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OSU Extension

College of Food, Agricultural, and Environmental Sciences

November 1, 2023 - 9:00am --

Apples are plentiful now, so it’s great time to enjoy their goodness.

They are described as one of nature’s most snackable, portable, and good-for-you fruits.

I still remember the cold, crisp, juicy Red Delicious apples that came from my junior high school’s vending machine. For just a quarter, I had a tasty, healthy snack.

Recently, I gained a new appreciation for snacking on apples thanks to Rita Abboud, a registered dietitian at Wooster Community Hospital.

Rita talked about heart healthy eating during one of our programs in the Ohio State University Extension exhibit area in the Grange Rotunda at the Wayne County Fair. For her presentation she brought a generous batch of apples and small containers of peanut butter to share with the audience.

I benefitted from a few of the leftovers, and they became my lunch that day. Now I crave apples dipped in peanut butter on a regular basis.

Rita said peanut butter and apples complement each other because they offer all the major nutrients in one snack. Apples provide complex carbohydrates and fiber. Peanut butter provides protein and healthy fat.

The combo is a nutrient-packed snack that will satisfy your hunger for much longer than other healthy snacks, such as pretzels, a banana or cup of yogurt. These are low in fat, she said, but none of them provide complex carbohydrates, fiber, protein and healthy fat individually, so they tend to leave you hungry shortly thereafter.

Here’s a fun recipe for Apple Nachos that incorporates apples and peanut butter.  It is offered by the University of New Hampshire Extension and adapted from the American Heart Association.

Apple Nachos


⅓ cup dried cranberries or raisins (unsweetened)

¼ cup sliced almonds (unsalted)

2 tablespoons unsalted sunflower seeds (no shells)

3 apples, sliced

1-2 teaspoons lemon juice (optional)

2 tablespoons water

¼ cup reduced-fat peanut butter (or any nut butter)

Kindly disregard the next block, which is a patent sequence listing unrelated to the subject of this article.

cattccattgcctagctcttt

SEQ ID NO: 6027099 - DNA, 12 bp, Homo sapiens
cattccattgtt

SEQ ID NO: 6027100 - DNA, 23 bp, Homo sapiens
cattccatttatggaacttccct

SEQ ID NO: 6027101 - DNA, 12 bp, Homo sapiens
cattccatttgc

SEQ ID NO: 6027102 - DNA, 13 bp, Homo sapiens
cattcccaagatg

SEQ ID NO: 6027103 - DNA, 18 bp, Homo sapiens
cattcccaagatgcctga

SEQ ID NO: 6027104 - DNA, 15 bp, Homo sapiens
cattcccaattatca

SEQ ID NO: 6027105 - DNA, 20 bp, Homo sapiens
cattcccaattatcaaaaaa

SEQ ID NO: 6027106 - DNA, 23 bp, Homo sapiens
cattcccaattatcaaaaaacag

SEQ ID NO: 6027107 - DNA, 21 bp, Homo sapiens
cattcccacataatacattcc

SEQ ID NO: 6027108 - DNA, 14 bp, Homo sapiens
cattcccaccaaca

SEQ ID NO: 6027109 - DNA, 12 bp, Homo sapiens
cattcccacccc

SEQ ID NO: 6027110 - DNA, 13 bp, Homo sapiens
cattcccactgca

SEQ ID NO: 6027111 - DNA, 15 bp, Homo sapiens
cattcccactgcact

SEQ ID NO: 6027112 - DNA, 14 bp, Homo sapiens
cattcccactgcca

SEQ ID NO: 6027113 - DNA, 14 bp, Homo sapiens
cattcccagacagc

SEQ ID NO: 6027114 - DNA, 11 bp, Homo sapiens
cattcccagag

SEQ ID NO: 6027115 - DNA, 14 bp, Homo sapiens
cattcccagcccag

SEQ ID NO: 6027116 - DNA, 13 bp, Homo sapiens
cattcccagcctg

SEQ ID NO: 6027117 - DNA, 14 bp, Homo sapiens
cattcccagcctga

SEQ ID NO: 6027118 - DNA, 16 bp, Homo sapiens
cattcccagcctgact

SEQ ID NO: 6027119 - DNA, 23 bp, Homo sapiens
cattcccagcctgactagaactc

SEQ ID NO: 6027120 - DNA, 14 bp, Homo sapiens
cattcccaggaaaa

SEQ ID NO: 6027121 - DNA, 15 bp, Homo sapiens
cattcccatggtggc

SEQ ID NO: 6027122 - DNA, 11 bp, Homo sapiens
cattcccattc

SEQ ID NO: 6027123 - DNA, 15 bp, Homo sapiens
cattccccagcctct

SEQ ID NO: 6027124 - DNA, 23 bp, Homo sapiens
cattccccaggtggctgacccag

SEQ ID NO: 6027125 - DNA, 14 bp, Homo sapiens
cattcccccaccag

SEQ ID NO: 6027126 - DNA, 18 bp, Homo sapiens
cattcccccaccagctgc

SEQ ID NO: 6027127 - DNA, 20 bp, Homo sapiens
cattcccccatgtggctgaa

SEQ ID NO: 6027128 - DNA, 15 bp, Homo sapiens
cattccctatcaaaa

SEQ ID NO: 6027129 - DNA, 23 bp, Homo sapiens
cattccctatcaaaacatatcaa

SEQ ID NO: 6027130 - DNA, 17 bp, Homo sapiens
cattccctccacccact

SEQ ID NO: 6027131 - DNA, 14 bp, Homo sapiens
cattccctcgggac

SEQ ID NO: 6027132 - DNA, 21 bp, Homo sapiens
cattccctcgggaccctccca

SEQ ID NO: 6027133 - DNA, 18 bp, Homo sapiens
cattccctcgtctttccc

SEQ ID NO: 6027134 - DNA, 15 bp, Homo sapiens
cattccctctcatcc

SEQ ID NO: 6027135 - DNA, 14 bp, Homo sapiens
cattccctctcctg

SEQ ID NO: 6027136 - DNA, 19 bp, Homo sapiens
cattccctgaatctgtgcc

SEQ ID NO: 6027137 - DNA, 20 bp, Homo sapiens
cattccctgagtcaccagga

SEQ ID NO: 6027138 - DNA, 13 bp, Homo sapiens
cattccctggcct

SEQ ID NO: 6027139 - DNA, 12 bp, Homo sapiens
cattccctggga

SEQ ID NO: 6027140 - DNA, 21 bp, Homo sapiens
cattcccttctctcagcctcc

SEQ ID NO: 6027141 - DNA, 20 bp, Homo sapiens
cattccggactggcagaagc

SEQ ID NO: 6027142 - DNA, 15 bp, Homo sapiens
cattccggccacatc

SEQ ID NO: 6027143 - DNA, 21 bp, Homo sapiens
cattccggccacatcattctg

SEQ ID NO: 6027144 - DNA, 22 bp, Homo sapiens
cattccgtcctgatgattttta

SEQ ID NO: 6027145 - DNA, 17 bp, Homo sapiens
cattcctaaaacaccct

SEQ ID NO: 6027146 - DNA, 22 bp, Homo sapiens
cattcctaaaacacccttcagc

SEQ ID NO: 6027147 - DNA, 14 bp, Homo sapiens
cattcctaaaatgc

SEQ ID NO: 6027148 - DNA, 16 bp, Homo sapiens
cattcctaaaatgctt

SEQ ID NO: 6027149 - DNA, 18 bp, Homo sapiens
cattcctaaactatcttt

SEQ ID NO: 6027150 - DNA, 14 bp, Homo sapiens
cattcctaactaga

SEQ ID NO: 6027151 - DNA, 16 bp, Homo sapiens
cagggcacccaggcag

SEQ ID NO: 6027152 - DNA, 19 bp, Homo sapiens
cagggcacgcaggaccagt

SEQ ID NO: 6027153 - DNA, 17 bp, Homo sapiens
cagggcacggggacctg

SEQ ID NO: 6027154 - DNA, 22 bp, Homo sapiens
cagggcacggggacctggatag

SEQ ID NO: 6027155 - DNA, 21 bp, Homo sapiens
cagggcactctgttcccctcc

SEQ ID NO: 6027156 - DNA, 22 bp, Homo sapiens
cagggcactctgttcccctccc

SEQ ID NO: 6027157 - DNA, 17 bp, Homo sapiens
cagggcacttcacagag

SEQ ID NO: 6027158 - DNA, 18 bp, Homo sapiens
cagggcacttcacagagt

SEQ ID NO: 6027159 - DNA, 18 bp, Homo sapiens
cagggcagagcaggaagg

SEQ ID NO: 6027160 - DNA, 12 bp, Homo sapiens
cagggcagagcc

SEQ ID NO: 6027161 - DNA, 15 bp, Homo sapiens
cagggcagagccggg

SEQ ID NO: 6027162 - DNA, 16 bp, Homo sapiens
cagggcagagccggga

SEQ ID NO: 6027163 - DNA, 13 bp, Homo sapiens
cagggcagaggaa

1 tablespoon honey


In a small bowl, combine toppings: dried cranberries/raisins, almonds and sunflower seeds. Set aside. Thinly slice apples. On a large plate, layer half of the apples. Optional: sprinkle lemon juice over them to reduce browning.

Bring 2 tablespoons of water to a boil. In a small bowl, mix hot water with peanut butter and honey. Stir until mixture is smooth. Drizzle half the peanut butter mixture over the plated apple slices. Sprinkle half the toppings mixture. Layer remaining apples on top and repeat with remaining peanut butter mixture and toppings mixture.


For a new twist on French toast, this recipe from OSU Extension incorporates applesauce.

Applesauce French Toast


2 eggs

½ cup nonfat or 1 percent milk

1 teaspoon ground cinnamon

2 teaspoons white sugar

½ teaspoon vanilla

¼ cup unsweetened applesauce

6 slices whole wheat bread

In a large mixing bowl, combine eggs, milk, cinnamon, sugar, vanilla and applesauce. Soak bread one slice at a time until mixture is slightly absorbed. Lightly spray or oil a skillet or griddle. Cook over medium heat until golden brown on both sides. Serve hot. Refrigerate leftovers within two hours. Note: To use sweetened applesauce, remove the sugar from the measured amount. Top with applesauce, fresh fruit or yogurt.


If you want to make your own applesauce, you can try this OSU Extension crockpot recipe.

Cinnamon Applesauce Crockpot Recipe


3 pounds of apples, peeled, cored and sliced (about 6 medium apples)

½ cup granulated sugar

2 teaspoons ground cinnamon

½ tablespoon maple syrup

½ cup water

Place the peeled, sliced apples into the bowl of your crockpot. Sprinkle the sugar, maple syrup and cinnamon over the apples and mix well. Pour the water into the crockpot and place the lid on top. Cook over high heat for four hours. When cooking time is up, remove the lid and mix the apples using a wire whisk, stirring until smooth, or until desired consistency is reached. To store, allow the applesauce to cool completely then place in a sealed container in the fridge.

If you slice up an apple for a snack, don’t peel it – the skins are nutritious with much of the fiber and heart-protective antioxidants coming from that part of the produce.

Laurie Sidle is an Ohio State University Extension Family and Consumer Sciences and 4-H program assistant and may be reached at 330-264-8722 or